“Anxiety Disorder Case Study: Willy”Program Transcript
WILLY: My name is Willy. I’m 35 years old. I’ve been divorced for five years and I don’t have any children. I am not seeing anyone at the moment.
My biggest problem is reliving events from my past. I joined the army when I was 18 years old. I love the structure of military life and the resources the army provided. I enjoyed the educational opportunities. And I also knew I would have a roof over my head and something to eat.
I was doing well in the military. So I stayed in for about 10 years. During that time, the US became involved in a number of foreign conflicts and initiatives. I was deployed to Afghanistan during one of my last years in the army.
In Afghanistan, my perspective on what I was accomplishing shifted dramatically. In one instance, I witnessed my best, most trusted friend shoot a young, unarmed girl just because she wore hijab. My fears after witnessing this event changed me forever. I became disenchanted with the army as I thought about all the people who were killed.
In the face of that girl, I saw my sister’s daughter, Heather. It seems now that every night I had dreams of war and genocide. Occasionally, during the worst times, I thought about whether it would have been better for me to have died in that country instead of returning to this miserable life. I wonder every day, if I had turned in my friend, would I not be haunted by this girl’s memory.
I panic at some point most days. I become agitated and lash out when my mind is on the past. It interferes with my work and my relationships with my coworkers. After I calm down, I tell myself that it doesn’t make sense for me to be panicking. But I know it will happen again. Sometimes, I’m afraid I might hurt someone if they startle me.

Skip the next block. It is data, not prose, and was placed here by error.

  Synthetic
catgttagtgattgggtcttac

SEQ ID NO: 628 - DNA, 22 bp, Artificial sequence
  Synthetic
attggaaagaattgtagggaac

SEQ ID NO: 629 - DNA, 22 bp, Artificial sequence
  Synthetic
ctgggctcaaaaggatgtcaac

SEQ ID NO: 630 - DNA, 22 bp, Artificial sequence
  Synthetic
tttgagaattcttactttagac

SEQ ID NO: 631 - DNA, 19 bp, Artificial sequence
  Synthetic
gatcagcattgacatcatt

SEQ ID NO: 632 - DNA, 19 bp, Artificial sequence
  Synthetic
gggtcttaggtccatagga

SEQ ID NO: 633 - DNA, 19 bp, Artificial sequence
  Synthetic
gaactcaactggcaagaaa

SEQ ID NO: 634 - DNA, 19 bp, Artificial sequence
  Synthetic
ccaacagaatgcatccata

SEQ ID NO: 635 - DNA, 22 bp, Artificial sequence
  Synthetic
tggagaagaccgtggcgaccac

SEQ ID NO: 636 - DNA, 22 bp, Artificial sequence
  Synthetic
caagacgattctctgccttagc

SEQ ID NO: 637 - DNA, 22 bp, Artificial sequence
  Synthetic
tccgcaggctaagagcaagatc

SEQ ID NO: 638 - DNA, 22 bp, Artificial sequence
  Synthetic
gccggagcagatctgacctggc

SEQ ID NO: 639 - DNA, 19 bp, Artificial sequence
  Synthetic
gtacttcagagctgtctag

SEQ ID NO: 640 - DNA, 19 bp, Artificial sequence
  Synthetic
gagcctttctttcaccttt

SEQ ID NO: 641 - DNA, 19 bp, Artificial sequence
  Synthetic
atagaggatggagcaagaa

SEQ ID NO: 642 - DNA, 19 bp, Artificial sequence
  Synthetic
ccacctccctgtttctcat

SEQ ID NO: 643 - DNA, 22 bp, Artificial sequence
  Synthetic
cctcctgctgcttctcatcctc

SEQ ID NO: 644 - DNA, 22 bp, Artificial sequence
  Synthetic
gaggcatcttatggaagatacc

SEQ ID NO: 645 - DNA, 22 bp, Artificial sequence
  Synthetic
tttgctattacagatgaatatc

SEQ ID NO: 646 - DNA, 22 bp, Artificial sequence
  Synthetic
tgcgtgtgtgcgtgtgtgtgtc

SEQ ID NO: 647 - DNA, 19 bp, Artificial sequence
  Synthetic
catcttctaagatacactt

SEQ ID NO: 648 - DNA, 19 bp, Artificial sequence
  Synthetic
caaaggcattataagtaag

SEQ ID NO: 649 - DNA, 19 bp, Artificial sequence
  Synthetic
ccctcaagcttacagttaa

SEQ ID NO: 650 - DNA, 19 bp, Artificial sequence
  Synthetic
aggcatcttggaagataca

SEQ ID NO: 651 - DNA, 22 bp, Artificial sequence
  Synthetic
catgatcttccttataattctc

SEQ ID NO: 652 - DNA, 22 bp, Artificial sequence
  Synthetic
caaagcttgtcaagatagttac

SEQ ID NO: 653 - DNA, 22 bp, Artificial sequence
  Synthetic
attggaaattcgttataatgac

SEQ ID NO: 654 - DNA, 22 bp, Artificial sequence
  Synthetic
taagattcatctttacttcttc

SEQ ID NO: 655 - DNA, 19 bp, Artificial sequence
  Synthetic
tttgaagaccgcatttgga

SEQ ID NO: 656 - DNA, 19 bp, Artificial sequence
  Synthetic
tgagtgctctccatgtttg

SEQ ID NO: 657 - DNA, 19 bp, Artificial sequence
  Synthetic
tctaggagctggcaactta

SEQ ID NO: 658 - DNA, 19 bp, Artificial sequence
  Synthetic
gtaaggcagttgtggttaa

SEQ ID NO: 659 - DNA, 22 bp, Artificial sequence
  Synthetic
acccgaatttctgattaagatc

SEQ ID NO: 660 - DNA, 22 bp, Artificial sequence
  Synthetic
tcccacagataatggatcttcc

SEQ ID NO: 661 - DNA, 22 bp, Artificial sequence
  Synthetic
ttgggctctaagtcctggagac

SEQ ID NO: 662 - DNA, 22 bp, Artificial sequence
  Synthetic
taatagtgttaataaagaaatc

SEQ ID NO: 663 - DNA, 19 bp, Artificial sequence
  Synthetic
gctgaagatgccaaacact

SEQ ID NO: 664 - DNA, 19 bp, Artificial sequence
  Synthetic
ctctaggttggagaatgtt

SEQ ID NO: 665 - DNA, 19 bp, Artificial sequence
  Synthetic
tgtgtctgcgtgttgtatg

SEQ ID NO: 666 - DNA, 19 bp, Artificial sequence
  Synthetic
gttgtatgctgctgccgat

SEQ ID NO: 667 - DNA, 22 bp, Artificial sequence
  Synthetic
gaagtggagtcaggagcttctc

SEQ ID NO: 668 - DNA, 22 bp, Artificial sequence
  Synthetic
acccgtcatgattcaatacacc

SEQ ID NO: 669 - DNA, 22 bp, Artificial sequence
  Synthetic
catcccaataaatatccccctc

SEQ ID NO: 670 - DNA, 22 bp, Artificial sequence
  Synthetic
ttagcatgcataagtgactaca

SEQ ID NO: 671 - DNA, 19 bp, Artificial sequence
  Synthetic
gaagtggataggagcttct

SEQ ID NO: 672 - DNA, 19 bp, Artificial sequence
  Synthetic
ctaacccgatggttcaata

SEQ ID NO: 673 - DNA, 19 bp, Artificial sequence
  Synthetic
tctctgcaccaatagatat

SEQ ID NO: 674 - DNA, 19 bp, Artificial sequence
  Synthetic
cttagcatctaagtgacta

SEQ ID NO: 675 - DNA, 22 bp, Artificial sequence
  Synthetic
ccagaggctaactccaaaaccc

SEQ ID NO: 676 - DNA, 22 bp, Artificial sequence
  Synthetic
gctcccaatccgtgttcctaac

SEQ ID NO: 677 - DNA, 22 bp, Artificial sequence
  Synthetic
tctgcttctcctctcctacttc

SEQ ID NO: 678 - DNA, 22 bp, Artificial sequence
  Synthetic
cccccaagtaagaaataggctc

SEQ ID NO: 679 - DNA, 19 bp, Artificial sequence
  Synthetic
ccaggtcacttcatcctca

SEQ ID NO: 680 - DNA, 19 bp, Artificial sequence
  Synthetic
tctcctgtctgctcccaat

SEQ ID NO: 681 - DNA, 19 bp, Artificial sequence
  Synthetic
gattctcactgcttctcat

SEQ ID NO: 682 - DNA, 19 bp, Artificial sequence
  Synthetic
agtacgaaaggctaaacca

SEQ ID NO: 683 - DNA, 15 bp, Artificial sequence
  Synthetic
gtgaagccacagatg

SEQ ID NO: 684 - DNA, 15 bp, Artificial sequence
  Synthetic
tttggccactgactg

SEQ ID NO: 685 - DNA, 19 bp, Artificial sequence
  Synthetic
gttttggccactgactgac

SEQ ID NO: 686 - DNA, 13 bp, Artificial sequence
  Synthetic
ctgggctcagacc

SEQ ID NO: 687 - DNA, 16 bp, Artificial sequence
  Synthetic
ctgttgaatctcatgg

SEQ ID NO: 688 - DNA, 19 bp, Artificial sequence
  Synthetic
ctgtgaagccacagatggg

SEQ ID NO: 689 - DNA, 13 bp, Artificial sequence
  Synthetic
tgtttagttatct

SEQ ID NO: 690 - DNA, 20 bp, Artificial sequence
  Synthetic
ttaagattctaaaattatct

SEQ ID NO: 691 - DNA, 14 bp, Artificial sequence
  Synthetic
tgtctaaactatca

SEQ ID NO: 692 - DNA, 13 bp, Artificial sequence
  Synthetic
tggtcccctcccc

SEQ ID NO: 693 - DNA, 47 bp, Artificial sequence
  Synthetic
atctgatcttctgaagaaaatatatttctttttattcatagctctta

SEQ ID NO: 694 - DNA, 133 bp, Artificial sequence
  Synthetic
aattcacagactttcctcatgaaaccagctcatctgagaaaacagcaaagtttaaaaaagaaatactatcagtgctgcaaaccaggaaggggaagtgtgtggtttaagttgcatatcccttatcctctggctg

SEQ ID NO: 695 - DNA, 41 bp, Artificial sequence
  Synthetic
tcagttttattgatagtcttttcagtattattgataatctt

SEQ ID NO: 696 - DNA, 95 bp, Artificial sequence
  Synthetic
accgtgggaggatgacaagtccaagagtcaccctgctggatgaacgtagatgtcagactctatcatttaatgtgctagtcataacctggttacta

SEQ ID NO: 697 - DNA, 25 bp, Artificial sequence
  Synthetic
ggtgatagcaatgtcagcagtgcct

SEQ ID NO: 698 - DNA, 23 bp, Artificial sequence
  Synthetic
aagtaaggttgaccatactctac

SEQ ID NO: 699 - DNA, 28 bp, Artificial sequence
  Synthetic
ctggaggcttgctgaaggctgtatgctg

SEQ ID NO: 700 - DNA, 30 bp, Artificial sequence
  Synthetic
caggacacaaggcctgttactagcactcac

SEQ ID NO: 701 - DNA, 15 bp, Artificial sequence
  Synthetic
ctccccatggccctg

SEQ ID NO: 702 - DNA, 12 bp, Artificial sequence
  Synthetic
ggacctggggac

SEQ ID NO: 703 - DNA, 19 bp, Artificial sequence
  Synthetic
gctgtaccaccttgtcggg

For this Discussion, view the media case studies titled Anxiety Disorder Case Study: Willy about Post-Traumatic Stress Disorder and Anxiety Disorder Case Study: June about Panic Disorder With Agoraphobia. Consider the uses and benefits of anxiolytic medications in the treatment of panic disorders, phobias, obsessive-compulsive disorder, post-traumatic stress disorder (PTSD), generalized anxiety disorder, and social anxiety. Also, consider the general challenges in assessment, differential diagnosis, and use of psychopharmacological treatment for these conditions. In terms of addiction potential, recall how benzodiazepines mimic the effects of alcohol and other central nervous system depressants. Finally, consider the role of the counselor in terms of communication, including permission to contact a psychiatrist or physician or protecting the client from self-harm.
Post by Day 4 the challenges of treating the anxiety disorder of the client you selected. Then describe at least three potential anxiolytic medications that may be effective in treating this client and explain the potential addiction risk of each. Explain how this information might influence a counselor’s approach to counseling this client. Finally, explain the role of the counselor in communicating concerns to other health care professionals.
I posted the case study (PTSD)